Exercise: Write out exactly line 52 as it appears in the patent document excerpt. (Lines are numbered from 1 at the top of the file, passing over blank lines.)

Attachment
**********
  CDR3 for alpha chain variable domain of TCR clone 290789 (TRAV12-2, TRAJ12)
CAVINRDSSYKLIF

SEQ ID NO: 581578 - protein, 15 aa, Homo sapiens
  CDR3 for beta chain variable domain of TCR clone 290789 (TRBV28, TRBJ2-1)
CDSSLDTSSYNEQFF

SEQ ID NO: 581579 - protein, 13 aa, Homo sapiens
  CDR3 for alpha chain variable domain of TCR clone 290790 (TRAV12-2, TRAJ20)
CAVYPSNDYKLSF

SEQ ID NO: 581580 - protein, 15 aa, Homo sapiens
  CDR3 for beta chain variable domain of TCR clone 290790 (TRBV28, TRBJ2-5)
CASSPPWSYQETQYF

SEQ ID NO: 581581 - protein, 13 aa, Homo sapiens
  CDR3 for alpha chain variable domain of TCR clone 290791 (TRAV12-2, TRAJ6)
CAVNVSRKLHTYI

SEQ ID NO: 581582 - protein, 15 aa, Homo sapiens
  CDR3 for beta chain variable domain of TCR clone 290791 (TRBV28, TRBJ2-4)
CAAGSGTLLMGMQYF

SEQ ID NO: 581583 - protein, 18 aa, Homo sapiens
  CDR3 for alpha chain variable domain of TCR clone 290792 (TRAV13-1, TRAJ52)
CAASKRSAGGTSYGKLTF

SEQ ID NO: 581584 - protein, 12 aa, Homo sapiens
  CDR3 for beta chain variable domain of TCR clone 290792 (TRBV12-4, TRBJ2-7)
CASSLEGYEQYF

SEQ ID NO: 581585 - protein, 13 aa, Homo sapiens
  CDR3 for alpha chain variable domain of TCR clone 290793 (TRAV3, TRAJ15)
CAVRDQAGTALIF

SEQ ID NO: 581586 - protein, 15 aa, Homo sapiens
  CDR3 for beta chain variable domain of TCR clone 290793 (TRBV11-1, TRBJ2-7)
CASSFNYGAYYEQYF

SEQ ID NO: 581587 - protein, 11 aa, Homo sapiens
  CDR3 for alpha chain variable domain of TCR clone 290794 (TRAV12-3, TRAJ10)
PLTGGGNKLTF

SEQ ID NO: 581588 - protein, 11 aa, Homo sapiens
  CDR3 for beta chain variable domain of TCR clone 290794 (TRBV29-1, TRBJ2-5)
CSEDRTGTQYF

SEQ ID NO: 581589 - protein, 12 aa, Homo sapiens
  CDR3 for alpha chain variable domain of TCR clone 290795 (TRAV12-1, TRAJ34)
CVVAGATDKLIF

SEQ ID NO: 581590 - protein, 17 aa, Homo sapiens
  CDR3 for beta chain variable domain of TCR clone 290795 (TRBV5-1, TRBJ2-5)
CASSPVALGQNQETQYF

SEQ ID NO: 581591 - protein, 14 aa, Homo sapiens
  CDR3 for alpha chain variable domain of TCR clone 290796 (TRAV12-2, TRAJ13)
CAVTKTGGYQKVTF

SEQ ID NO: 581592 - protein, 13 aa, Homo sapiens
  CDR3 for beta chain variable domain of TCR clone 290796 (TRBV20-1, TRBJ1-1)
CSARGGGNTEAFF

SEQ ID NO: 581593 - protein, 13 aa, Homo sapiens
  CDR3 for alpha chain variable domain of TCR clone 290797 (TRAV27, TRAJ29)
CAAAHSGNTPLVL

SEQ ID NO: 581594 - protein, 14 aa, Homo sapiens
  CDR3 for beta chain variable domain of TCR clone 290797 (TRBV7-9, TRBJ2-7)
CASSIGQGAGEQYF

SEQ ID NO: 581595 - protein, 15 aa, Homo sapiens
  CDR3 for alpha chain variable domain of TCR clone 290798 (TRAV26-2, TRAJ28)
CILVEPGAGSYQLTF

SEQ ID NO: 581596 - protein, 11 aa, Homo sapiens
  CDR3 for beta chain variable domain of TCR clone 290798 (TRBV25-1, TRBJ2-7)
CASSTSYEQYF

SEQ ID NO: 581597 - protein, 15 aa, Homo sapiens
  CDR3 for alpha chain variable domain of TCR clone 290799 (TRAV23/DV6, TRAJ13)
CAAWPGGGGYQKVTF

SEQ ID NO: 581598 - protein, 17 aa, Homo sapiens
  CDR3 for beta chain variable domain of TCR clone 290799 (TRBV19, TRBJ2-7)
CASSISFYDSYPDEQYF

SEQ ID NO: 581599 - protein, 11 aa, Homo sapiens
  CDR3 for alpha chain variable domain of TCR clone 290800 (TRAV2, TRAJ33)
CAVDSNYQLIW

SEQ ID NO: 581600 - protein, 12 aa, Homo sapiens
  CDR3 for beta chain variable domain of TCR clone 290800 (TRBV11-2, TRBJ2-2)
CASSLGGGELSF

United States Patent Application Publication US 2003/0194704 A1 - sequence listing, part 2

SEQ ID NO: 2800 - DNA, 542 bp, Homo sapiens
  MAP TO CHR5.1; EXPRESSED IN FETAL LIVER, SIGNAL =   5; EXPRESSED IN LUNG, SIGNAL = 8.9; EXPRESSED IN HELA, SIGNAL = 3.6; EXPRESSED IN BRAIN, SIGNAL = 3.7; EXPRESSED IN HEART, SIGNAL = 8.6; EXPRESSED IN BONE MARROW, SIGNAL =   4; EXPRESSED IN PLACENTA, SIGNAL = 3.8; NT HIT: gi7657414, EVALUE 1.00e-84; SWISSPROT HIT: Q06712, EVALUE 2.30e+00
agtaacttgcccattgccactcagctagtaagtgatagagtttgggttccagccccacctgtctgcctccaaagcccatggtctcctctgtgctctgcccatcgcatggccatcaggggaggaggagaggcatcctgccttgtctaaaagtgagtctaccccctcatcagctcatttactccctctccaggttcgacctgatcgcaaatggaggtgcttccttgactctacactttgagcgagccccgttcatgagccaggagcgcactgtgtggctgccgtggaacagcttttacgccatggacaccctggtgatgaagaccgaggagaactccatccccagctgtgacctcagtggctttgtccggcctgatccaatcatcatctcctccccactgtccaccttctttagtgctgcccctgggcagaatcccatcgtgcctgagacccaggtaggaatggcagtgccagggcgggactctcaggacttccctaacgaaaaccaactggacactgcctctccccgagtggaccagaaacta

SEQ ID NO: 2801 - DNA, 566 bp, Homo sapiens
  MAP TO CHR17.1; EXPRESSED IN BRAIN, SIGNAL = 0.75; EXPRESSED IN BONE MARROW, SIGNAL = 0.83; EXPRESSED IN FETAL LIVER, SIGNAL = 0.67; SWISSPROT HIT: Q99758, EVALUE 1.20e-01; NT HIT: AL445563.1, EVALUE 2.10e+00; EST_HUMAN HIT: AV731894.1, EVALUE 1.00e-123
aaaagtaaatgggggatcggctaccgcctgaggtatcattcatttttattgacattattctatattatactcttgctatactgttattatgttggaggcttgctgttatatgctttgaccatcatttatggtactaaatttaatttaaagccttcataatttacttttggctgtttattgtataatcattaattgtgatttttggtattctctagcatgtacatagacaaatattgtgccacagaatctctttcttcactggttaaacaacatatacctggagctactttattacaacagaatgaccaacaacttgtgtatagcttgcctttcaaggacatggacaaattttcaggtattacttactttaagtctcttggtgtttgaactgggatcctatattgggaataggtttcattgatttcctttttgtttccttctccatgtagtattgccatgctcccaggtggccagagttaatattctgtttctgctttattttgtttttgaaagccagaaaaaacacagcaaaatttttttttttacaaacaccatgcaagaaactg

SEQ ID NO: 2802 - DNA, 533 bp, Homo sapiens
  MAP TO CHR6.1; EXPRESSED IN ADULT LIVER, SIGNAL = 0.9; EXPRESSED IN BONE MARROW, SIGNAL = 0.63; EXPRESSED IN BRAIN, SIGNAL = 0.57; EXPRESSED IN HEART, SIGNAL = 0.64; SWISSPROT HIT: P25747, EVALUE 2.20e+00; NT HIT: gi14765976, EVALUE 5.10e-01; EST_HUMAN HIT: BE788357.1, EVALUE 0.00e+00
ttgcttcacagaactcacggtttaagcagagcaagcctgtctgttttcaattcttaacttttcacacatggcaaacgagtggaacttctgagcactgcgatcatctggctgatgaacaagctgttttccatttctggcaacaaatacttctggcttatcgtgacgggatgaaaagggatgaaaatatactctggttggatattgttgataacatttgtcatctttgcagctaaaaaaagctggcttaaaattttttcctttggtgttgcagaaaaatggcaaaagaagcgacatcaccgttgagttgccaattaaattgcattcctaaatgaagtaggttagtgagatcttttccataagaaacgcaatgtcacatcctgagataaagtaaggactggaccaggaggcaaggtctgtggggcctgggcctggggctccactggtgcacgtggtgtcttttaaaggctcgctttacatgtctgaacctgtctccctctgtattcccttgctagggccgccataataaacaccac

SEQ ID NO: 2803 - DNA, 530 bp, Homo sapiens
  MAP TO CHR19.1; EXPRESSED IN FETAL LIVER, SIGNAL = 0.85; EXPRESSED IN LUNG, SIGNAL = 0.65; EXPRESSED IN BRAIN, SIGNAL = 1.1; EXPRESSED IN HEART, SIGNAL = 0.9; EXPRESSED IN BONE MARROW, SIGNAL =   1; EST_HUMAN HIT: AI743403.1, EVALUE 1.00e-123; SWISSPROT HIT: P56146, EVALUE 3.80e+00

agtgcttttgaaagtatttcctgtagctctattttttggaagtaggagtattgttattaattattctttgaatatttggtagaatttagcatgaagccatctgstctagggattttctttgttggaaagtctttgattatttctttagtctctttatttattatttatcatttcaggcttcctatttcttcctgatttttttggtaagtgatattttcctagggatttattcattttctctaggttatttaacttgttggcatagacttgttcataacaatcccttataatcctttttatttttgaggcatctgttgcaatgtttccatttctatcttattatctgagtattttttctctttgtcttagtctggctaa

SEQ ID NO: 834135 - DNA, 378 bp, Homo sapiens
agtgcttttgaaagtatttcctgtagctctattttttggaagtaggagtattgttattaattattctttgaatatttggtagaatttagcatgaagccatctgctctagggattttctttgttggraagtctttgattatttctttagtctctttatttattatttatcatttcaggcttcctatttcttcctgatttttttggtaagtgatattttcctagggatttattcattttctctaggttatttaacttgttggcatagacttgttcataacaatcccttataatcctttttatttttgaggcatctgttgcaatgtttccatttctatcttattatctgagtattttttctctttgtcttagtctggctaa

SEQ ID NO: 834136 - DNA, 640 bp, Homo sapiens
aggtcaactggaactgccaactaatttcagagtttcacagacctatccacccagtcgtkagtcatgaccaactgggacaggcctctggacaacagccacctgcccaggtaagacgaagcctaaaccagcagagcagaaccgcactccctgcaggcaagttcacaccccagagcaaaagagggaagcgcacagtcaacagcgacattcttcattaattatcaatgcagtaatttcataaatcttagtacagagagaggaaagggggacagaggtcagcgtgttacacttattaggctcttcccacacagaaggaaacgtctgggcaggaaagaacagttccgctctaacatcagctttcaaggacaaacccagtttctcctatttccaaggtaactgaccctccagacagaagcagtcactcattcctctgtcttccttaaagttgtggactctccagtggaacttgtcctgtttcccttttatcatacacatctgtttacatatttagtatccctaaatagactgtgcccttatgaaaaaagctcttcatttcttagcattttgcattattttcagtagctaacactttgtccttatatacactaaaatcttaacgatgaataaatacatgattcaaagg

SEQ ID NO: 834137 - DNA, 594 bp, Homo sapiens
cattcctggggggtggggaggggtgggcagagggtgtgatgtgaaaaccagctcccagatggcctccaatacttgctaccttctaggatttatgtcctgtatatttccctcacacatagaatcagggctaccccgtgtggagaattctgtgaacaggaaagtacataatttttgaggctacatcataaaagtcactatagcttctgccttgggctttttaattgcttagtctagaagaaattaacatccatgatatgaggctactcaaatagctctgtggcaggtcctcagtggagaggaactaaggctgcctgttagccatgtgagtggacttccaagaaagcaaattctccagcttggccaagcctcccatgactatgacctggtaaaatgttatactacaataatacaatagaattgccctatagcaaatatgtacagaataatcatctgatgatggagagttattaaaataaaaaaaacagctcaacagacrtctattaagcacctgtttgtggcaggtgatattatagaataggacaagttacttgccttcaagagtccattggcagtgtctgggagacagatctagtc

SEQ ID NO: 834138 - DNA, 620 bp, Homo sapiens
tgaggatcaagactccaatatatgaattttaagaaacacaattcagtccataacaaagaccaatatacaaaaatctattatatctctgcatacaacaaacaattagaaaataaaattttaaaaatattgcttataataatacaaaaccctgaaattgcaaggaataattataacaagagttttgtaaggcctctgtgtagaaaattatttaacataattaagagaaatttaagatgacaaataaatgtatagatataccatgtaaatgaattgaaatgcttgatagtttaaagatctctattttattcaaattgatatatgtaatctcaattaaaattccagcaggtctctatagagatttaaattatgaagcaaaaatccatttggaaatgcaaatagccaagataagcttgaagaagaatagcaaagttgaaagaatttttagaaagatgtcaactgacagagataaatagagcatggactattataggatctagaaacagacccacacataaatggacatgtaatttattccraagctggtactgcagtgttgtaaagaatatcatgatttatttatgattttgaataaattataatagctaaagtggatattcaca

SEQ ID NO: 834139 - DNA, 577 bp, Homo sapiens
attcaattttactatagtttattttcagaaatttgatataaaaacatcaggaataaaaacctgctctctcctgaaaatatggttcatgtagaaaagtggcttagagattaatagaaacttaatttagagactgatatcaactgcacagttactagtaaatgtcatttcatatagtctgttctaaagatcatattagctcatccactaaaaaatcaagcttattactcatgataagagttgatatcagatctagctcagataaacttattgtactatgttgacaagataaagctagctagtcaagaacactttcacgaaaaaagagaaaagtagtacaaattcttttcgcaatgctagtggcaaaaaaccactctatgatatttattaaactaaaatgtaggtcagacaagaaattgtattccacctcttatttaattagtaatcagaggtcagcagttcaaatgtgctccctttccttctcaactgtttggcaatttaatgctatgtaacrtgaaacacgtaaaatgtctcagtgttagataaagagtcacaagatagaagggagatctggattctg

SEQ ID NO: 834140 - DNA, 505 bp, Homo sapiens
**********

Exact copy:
  CDR3 for beta chain variable domain of TCR clone 290797 (TRBV7-9, TRBJ2-7)